Consumers are flocking to riders in an effort to address critical illness and long-term care concerns. Regulators are scrambling to keep up with new rules and regulations of those products.
Now it's up to producers to do their part and know what they are selling, said Ramona Neal, president of Living Benefit Review, which provides competitive intelligence solutions for life insurers with long-term care components.
Neal spoke during a webinar Monday sponsored by the National Association of Insurance and Financial Advisors. November is National Long-Term Care Awareness Month and NAIFA kicked it off with a day of programming on the issue.
"Find out what you're selling to your clients moving forward and take a look at what you have sold," Neal said, "so that you can adequately represent them. Because I think as an industry, we all have room for improvement."
Critical illness vs critical illness
One issue is that riders are not all the same, Neal explained. There is one major difference in particular, one that can leave clients exposed if they are not aware.
Long-term-care riders, which date to the early 2000s, allow the entire death benefit to be accelerated to cover long-term-care expenses. With chronic Illness riders, however, the amount eligible to be accelerated depends on crucial details. And by how much Neal said, can be staggering.
Some chronic illness riders have charges like LTC riders with predictable benefits. Others do not. Instead, they calculate the charge and benefit amount eligible to be accelerated at the time of claim, usually via a discount method, Neal said. The eligible amount can vary depending on factors such as age, gender, life expectancy/severity of condition, cash values and future premiums.
Neal shared two different outcomes for fictional sisters she named Mary and Martha. Both had $500,000 policies issued at 30 years old. Then 15 years later they went on claim. The results were very different based on a slight change in rider design:
Mary bought life insurance with an up-front charge chronic illness rider (where she paid a premium for the rider each year for 15 years): The entire $500,000 was eligible to be accelerated over four years to cover Mary’s long-term-care expenses. Then her policy was extinguished. Her cumulative rider charges were $1,200.
Martha bought life insurance with a chronic illness rider design where both the charge and benefit are determined at acceleration (she paid no rider premium during the 15 years). The amount Martha was eligible to accelerate was $195,000 over four years. Then her policy was extinguished. This resulted in a rider charge of $305,000.
The difference is Martha did not have a chronic illness rider variation with upfront charges where the benefits are known and predictable, Neal explained. The insurance company offered her a $195,000 acceleration. If she accepts the policy is extinguished. However, if she is not happy with the offer, she does not have to accept it and can continue making her premium payments and retain her policy.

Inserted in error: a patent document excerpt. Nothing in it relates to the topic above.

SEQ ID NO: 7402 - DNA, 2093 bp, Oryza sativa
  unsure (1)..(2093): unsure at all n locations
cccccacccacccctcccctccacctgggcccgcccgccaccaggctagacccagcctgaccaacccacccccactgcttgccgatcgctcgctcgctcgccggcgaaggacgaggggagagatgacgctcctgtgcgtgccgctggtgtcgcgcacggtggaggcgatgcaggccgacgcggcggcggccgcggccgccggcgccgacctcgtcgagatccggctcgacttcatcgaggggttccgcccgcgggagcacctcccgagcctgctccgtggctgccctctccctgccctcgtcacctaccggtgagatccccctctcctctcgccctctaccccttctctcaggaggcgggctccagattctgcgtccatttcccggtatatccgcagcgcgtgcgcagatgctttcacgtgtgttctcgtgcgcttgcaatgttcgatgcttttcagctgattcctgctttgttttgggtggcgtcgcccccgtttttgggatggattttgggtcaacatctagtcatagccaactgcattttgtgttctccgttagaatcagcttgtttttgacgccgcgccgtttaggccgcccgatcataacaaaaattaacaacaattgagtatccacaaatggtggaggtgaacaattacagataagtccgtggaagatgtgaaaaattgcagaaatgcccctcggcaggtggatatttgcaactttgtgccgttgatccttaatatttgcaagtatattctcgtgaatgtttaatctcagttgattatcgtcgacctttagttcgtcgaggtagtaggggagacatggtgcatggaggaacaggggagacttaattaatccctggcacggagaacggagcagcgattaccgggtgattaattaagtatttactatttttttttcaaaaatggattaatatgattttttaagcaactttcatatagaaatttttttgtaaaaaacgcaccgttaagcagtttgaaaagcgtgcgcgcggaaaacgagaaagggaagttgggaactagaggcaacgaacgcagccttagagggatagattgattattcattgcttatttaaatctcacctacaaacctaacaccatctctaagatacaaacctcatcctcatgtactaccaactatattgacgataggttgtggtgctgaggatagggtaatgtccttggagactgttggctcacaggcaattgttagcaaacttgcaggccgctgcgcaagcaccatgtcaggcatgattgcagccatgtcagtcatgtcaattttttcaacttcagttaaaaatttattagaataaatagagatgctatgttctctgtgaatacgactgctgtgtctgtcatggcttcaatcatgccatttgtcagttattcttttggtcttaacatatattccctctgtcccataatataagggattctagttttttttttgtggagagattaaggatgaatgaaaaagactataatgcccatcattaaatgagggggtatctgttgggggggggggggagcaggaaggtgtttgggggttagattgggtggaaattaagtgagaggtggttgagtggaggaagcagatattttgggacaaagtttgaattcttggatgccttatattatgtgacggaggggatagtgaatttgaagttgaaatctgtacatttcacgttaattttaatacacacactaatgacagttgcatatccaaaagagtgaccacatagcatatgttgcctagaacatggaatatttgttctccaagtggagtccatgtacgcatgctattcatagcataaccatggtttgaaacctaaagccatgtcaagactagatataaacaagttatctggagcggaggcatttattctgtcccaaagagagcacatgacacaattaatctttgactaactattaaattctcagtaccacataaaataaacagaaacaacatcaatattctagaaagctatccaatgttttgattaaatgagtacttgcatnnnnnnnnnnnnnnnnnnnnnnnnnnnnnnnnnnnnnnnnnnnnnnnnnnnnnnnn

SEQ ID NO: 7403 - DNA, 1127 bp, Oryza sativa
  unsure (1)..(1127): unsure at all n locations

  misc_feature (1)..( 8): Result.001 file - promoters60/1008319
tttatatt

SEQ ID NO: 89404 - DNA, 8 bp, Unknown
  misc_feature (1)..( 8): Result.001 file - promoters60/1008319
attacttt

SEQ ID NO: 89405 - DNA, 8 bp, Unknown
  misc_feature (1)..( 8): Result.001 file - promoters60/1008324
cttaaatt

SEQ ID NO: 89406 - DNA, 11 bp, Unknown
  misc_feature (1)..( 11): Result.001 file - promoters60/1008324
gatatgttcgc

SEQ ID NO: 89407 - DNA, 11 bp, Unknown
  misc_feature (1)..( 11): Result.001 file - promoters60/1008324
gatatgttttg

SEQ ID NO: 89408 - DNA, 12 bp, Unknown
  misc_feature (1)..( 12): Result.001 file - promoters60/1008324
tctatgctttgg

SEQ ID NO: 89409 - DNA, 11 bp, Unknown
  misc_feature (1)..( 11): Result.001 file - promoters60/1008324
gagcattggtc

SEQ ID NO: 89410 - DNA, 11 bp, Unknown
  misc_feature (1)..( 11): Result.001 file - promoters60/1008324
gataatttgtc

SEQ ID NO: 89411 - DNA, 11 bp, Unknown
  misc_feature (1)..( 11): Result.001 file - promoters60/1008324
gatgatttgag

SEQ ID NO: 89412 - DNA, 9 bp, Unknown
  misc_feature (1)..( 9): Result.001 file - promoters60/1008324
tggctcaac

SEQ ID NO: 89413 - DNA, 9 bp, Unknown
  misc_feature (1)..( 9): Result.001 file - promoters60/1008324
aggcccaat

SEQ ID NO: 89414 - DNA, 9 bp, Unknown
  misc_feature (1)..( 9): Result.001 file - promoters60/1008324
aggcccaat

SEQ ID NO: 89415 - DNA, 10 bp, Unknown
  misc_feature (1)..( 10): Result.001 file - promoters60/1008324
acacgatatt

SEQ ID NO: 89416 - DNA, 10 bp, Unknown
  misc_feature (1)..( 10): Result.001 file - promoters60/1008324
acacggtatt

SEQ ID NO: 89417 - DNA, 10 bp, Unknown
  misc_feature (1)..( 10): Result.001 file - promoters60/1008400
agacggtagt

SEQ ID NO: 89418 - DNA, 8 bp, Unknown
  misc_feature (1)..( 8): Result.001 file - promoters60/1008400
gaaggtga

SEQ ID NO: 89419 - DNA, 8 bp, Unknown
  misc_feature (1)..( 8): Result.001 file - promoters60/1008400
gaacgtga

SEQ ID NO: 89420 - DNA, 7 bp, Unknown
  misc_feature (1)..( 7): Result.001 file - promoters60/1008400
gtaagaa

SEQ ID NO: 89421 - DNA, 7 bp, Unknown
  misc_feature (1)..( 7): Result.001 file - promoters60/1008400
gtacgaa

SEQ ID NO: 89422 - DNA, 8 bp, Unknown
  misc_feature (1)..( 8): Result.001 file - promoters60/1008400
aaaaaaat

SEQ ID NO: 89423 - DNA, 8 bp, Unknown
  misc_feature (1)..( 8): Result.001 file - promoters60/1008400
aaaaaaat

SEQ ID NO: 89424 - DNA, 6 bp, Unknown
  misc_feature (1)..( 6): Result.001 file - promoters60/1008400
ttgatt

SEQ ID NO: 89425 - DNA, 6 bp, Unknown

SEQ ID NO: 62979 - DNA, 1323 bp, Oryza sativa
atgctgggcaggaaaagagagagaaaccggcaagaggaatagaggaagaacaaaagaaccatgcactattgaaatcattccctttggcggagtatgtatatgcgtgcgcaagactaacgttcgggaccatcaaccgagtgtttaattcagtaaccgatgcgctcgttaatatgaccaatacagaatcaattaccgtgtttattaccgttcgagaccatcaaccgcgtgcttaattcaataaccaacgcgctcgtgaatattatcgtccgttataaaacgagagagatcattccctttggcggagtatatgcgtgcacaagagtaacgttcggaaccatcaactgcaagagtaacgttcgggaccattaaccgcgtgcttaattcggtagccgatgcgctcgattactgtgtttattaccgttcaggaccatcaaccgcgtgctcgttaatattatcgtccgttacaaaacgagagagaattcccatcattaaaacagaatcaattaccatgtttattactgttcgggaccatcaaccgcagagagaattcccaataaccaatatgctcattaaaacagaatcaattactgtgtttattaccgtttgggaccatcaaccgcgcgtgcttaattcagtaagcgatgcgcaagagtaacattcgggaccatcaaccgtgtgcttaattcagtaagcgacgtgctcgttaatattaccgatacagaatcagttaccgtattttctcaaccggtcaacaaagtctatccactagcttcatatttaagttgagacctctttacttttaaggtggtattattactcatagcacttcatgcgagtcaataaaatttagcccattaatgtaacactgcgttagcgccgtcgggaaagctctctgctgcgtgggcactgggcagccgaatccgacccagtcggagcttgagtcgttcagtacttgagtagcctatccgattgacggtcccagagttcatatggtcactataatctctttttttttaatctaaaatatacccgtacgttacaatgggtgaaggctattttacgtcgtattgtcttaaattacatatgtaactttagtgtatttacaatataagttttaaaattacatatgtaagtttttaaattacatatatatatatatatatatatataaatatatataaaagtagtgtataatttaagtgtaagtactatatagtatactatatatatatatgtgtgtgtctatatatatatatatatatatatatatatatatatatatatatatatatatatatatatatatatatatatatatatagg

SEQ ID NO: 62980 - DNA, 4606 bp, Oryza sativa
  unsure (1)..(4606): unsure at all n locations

"If Martha thought she could accelerate $500,000 you can see how she would be upset and why she might be contacting an attorney," she said. "Nobody wants to be named in a lawsuit right? They don't just go after the insurance company. They tend to name the agent as well, based on what I've seen."
Neither rider design is bad, Neal stressed. In fact, the charge at acceleration for chronic illness riders have ideal sales applications, too.
"What’s important is that clients know what they have," she said. "The problem isn’t any of the riders. All of the riders are good. The problem is, are agents adequately managing expectations on how they work. Because if we don’t know what we are selling, then how can our clients know what they are buying."
All riders good
All of the rider options help address the risk clients face from a late-life illness or crippling disability, Neal noted. They are good for insurers and agents, too.
"Riders with no monthly charge don’t have the drag of charges on the illustration," Neal wrote in a 2020 column. "In competitive situations those companies and agents selling them appear to have the best price. Furthermore, the riders with no monthly charge typically require no underwriting, making them quicker to issue (which means agents get paid quicker too)."
Long-term care and critical illness riders continue to sell very well. As of year-end 2021, total new premium for individual life combination products increased 22% to $4.3 billion, according to LIMRA’s 2021 U.S. Individual Life Combination Products Annual Review. There were nearly 559,000 policies sold in 2021, up 37% compared with 2020 results.
Standalone individual long-term care products held only 14% of the broader long-term care insurance policy market in 2021, LIMRA said, a 4-percentage-point increase from 2020. There were 90,752 new LTCi policies in 2021.
That last figure comes with an asterisk, however. Sales received a bump from a Washington state program – the first of its kind – that required residents to get LTC insurance or face a tax to pay for a state-provided benefit.
Other states are considering legislation as well, Neal pointed out, although the details are scant. With new laws and regulations, the rules will further change. Producers should listen to clients always, Neal told the NAIFA audience.
"If you are selling a life insurance policy to a client and you mention a chronic illness rider, a long-term care rider and you're in a 45-minute or an hour meeting and the majority of the time they're sitting there talking about the chronic illness or a long-term care rider," Neal said. "To me, that would be a clue that it's an important benefit for them and I would do whatever I can to get them the most robust benefit."
InsuranceNewsNet Senior Editor John Hilton has covered business and other beats in more than 20 years of daily journalism. John may be reached at [email protected]. Follow him on Twitter @INNJohnH.